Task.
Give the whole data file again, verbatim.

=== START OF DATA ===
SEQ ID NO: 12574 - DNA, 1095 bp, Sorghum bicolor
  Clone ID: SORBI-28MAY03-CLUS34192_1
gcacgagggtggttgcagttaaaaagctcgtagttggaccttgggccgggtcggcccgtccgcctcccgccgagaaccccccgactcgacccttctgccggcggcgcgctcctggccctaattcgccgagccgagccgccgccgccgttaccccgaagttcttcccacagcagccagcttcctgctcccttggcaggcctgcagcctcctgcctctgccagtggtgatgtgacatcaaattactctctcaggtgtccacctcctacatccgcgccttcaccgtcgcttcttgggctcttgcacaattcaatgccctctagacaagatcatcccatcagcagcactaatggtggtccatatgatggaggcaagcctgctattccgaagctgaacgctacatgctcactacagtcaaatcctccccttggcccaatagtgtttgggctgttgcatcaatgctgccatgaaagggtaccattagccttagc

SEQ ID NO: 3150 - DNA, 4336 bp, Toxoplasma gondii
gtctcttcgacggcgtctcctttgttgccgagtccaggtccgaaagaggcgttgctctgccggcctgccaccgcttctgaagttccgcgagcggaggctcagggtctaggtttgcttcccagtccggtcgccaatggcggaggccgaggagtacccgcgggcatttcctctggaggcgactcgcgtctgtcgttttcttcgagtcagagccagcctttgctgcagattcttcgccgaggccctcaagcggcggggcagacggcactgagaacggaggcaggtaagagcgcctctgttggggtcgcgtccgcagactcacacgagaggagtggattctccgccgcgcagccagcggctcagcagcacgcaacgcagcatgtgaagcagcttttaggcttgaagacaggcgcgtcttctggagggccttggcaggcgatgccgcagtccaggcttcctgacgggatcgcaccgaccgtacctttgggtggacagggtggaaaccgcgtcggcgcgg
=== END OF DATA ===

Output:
SEQ ID NO: 12574 - DNA, 1095 bp, Sorghum bicolor
  Clone ID: SORBI-28MAY03-CLUS34192_1
gcacgagggtggttgcagttaaaaagctcgtagttggaccttgggccgggtcggcccgtccgcctcccgccgagaaccccccgactcgacccttctgccggcggcgcgctcctggccctaattcgccgagccgagccgccgccgccgttaccccgaagttcttcccacagcagccagcttcctgctcccttggcaggcctgcagcctcctgcctctgccagtggtgatgtgacatcaaattactctctcaggtgtccacctcctacatccgcgccttcaccgtcgcttcttgggctcttgcacaattcaatgccctctagacaagatcatcccatcagcagcactaatggtggtccatatgatggaggcaagcctgctattccgaagctgaacgctacatgctcactacagtcaaatcctccccttggcccaatagtgtttgggctgttgcatcaatgctgccatgaaagggtaccattagccttagc

SEQ ID NO: 3150 - DNA, 4336 bp, Toxoplasma gondii
gtctcttcgacggcgtctcctttgttgccgagtccaggtccgaaagaggcgttgctctgccggcctgccaccgcttctgaagttccgcgagcggaggctcagggtctaggtttgcttcccagtccggtcgccaatggcggaggccgaggagtacccgcgggcatttcctctggaggcgactcgcgtctgtcgttttcttcgagtcagagccagcctttgctgcagattcttcgccgaggccctcaagcggcggggcagacggcactgagaacggaggcaggtaagagcgcctctgttggggtcgcgtccgcagactcacacgagaggagtggattctccgccgcgcagccagcggctcagcagcacgcaacgcagcatgtgaagcagcttttaggcttgaagacaggcgcgtcttctggagggccttggcaggcgatgccgcagtccaggcttcctgacgggatcgcaccgaccgtacctttgggtggacagggtggaaaccgcgtcggcgcgg